The University of Redlands Community Remembers Jacob Green

On Nov. 21 2019, University of Redlands senior Jacob Green passed away in a tragic car accident. 

 

Jacob Green was a beloved member of the University of Redlands community. Along with being a race and ethnic studies major, he was involved in the STEP program, which helps give first-generation college students support through mentorship and providing resources. He also interned in the Campus Diversity and Inclusion (CDI) department and at the Title IX office. 

 

Peter Tupou, the director of CDI, worked with Green since his freshman year. Green was part of the football team at this time and met Tupou as his advisor for the Summer Bridge program for first-generation students. By his sophomore year, Green began interning at CDI and remained there for the next three years. Tupou mentioned that he appreciated that Green never took shortcuts. He always “did things the long way” to ensure a thorough and correct job done. Tupou noted that Green was a very compassionate and respectful man who was an advocate for others.

 

Green’s interests laid deeply within matters of race and social justice. Keith Osajima, his his senior capstone project professor, mentioned he was “deeply curious to find answers to big and challenging issues.” He had a tendency to reach beyond surface thoughts and drag out implications. Osajima added that he was always willing to help others and offered his perspective to expand concepts. 

 

Near the time of Green’s death, it seemed that he was getting a clear idea about what he wanted to accomplish in the world, Osajima mentioned. He had a desire to get a higher education and get to the heart of diversity and inclusion to create a better world. He was excited about the possibility of doing what he loved—to think about the ways oppression and racism divide people and how to overcome them.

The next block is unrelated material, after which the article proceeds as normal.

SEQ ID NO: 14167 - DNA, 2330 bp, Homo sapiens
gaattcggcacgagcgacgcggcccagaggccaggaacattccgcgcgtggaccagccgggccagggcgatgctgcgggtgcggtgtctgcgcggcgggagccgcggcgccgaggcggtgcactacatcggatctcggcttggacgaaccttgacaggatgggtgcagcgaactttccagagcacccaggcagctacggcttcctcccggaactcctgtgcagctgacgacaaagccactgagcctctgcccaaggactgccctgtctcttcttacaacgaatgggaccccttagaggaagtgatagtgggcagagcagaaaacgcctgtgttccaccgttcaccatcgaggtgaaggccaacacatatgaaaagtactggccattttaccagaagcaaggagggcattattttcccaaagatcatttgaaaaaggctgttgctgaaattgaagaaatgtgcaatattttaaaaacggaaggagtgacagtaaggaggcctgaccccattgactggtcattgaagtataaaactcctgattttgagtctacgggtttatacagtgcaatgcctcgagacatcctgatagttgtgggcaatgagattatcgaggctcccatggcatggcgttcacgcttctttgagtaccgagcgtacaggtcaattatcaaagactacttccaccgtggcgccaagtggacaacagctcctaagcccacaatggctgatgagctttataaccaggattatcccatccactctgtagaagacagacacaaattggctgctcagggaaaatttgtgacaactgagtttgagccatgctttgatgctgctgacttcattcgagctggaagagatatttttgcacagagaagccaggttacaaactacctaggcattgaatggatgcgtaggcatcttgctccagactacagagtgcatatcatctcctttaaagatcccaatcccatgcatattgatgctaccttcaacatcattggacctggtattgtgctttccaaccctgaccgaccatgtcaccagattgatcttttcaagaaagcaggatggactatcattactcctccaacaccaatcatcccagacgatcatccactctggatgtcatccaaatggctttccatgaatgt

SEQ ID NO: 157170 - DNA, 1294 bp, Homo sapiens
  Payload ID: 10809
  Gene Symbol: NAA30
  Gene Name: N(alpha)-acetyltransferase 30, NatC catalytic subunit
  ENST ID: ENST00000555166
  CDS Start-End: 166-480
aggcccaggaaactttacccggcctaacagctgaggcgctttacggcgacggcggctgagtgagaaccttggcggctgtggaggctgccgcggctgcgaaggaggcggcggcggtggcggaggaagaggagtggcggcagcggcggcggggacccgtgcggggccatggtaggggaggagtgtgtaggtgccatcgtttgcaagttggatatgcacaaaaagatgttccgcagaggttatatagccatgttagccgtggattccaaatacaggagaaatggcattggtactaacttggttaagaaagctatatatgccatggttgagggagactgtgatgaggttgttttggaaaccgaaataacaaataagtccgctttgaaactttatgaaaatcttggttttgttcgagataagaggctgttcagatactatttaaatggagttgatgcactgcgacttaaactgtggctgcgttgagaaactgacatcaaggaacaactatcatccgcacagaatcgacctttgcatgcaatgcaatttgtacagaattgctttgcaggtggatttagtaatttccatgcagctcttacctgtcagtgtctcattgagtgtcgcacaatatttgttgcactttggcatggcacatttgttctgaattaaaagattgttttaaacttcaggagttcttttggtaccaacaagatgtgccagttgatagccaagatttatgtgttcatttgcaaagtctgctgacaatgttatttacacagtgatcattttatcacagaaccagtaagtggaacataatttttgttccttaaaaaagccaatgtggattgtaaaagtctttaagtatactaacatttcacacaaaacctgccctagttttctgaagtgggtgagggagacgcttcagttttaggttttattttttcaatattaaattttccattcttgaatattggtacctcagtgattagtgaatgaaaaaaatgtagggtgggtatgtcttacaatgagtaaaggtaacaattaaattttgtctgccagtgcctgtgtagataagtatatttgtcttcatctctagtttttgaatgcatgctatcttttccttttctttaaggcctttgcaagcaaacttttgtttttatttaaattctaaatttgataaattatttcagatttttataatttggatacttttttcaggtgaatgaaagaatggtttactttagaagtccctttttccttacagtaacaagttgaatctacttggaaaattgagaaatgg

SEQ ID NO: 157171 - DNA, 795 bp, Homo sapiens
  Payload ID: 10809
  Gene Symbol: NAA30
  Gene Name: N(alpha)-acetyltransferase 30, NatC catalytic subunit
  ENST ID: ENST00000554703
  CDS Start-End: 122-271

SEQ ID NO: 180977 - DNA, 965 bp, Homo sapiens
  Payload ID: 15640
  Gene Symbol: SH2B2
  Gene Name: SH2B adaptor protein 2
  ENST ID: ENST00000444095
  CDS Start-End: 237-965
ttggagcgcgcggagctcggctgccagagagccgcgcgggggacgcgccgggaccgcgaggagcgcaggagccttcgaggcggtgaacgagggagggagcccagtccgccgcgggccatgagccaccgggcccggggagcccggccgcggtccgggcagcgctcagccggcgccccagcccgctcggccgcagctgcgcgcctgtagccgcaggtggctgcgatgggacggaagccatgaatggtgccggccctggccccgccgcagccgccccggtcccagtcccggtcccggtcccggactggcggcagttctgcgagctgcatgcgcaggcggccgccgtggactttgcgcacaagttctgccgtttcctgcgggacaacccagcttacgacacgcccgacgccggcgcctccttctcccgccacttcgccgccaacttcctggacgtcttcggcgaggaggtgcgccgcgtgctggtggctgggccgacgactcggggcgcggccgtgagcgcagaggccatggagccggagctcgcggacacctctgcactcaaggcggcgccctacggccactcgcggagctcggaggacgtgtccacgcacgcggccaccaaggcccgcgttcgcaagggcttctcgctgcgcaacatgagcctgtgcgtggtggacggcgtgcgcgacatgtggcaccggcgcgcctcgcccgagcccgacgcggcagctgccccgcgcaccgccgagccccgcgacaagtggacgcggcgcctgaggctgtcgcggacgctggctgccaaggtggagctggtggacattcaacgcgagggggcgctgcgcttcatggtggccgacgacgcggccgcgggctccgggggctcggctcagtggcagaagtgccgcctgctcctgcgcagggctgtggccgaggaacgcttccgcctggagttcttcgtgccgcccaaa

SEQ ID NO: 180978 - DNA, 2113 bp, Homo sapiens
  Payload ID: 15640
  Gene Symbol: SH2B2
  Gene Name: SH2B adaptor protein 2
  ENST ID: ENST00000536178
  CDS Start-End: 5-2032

Green’s capstone project was on the concept of love, specifically within the community of African American men. He wanted to explore masculinity and what it meant to love one another. This, according to Osajima, is an example of the hard concepts Green thoughtfully pondered in order to help the world he so evidently cared about. 

 

Outside of Green’s academic life, he was well-loved by friends at the U of R. One of his close friends, Javier Garcia III, described Green as being goofy (as did his advisors), energetic, and fun-loving. “He was the epitome of respect,” Garcia explained. He mentioned Green was committed, passionate, organized, and he knew his purpose in the world. “There is never going to be an article or piece of writing that will capture his essence. Words just don’t do him justice.”

 

“Once you start talking about him, you can’t stop,” said Ridha Kapoor, another close friend of his at the University. Kapoor said that Green always filled a room with a positive spirit, was very intelligent and multifaceted. Another friend, Leslie Montebello, said that he had big goals and would have continued to make a big difference in the world.

 

Green is described to have lit up every classroom, and it is obvious to many how bright a future he had ahead of him. “The good coming out of this tragedy is to realize the beautiful community he had at this school, a community he created for himself,” said Jennifer Tilton, one of his advisors.

 

According to a University Announcement email, a memorial service for Green will be held by his family on December 14, 2019, at 11 a.m. at New Commandment Missionary Baptist Church, 15548 Paramount Blvd, Paramount, CA 90723. The university community is invited to attend.


Photograph Contributed by Leslie Montebello.


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